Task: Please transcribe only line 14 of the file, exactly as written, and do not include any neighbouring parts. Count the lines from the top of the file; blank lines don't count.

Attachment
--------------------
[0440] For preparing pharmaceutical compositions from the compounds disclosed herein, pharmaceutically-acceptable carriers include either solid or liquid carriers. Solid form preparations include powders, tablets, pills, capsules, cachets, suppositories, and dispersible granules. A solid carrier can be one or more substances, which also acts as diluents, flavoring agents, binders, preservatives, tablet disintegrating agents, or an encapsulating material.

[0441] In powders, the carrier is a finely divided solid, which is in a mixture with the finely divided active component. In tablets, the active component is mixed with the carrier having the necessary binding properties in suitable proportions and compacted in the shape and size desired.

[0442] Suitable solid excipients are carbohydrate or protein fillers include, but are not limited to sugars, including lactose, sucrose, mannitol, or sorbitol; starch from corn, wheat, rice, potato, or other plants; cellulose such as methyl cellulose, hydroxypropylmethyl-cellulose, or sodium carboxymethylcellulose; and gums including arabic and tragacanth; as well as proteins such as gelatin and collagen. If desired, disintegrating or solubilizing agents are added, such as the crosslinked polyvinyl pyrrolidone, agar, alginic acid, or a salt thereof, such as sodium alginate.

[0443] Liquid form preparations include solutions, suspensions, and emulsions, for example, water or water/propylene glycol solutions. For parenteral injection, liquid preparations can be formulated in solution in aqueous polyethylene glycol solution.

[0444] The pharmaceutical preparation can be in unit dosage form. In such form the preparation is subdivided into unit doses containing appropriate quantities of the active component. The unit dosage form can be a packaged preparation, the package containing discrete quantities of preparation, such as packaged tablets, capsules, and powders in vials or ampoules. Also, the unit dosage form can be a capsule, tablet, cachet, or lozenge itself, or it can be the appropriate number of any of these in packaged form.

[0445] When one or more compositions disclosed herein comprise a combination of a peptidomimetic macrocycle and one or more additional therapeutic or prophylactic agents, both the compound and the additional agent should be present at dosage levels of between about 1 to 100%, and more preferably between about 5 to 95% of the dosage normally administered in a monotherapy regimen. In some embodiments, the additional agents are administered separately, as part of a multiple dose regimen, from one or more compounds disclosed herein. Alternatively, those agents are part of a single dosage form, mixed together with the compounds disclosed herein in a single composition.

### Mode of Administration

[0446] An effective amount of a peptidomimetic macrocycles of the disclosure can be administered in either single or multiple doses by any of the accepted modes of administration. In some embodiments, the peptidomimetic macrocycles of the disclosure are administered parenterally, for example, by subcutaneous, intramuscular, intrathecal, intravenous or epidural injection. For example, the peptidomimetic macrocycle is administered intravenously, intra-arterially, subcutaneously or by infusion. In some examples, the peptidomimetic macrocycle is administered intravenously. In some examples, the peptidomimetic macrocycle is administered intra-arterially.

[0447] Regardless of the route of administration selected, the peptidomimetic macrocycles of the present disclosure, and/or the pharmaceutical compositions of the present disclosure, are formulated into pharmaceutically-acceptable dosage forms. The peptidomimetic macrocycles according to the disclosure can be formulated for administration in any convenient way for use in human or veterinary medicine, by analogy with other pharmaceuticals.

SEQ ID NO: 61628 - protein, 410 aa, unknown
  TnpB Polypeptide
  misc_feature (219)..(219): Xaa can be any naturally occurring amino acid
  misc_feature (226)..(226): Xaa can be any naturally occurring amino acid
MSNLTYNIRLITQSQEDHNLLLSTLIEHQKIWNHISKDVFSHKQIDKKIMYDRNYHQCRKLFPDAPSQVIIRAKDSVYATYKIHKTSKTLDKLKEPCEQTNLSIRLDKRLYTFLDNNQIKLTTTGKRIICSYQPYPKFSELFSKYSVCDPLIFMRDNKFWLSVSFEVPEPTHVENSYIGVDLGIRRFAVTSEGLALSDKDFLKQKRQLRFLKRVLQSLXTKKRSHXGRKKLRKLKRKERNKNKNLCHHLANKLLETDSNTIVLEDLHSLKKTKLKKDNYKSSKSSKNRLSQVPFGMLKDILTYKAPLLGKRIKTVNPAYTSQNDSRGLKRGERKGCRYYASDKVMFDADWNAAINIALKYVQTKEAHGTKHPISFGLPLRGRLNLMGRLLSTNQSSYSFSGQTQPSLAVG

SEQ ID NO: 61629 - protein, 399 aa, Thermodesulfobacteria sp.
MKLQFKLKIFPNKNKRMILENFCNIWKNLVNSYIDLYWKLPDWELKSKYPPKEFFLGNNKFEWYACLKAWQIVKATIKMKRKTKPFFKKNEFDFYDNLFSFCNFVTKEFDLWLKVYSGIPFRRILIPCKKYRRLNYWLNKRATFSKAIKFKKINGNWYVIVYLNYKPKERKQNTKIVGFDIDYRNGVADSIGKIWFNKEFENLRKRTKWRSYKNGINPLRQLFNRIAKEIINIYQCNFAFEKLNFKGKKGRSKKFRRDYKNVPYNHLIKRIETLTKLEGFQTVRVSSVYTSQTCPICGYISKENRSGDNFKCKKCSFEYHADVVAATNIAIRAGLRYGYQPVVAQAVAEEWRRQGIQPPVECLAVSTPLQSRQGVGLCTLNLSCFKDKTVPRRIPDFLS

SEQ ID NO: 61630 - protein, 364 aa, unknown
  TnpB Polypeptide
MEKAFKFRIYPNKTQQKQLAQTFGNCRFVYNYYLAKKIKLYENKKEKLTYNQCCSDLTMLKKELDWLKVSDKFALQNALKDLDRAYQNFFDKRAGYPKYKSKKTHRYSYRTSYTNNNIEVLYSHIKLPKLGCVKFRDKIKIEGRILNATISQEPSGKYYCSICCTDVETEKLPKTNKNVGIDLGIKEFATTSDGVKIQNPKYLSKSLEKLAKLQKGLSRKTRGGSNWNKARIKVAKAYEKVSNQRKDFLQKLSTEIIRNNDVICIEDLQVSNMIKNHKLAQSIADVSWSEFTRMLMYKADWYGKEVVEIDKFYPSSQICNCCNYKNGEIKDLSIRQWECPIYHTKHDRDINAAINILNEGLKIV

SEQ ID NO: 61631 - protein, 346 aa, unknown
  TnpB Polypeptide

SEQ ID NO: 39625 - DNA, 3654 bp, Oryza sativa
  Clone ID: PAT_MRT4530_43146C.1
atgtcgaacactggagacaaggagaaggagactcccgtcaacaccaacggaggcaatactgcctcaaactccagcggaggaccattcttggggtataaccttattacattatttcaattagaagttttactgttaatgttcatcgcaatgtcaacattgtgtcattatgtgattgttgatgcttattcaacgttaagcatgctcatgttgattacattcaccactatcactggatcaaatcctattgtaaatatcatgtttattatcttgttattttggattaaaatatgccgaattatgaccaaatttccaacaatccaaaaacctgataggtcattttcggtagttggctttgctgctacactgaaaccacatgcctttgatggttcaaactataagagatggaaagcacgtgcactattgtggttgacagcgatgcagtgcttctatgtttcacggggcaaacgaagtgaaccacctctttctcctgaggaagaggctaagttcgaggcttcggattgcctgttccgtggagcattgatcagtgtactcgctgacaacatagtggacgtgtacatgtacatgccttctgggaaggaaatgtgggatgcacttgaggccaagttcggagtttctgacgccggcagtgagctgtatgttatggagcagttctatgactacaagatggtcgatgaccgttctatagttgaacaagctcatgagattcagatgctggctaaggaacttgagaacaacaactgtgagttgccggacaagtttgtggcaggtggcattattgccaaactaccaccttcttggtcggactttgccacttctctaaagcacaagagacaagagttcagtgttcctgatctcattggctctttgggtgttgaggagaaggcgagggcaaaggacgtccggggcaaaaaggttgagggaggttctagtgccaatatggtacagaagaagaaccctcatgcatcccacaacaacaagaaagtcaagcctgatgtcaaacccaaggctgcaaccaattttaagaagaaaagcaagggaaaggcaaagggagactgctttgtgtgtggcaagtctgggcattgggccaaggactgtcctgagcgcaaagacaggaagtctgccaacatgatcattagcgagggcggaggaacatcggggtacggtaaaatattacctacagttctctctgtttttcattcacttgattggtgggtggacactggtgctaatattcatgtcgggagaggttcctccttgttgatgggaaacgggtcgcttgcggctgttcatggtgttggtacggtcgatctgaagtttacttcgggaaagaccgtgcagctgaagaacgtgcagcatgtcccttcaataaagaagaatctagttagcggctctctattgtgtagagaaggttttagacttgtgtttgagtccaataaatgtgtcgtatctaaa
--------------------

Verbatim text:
MSNLTYNIRLITQSQEDHNLLLSTLIEHQKIWNHISKDVFSHKQIDKKIMYDRNYHQCRKLFPDAPSQVIIRAKDSVYATYKIHKTSKTLDKLKEPCEQTNLSIRLDKRLYTFLDNNQIKLTTTGKRIICSYQPYPKFSELFSKYSVCDPLIFMRDNKFWLSVSFEVPEPTHVENSYIGVDLGIRRFAVTSEGLALSDKDFLKQKRQLRFLKRVLQSLXTKKRSHXGRKKLRKLKRKERNKNKNLCHHLANKLLETDSNTIVLEDLHSLKKTKLKKDNYKSSKSSKNRLSQVPFGMLKDILTYKAPLLGKRIKTVNPAYTSQNDSRGLKRGERKGCRYYASDKVMFDADWNAAINIALKYVQTKEAHGTKHPISFGLPLRGRLNLMGRLLSTNQSSYSFSGQTQPSLAVG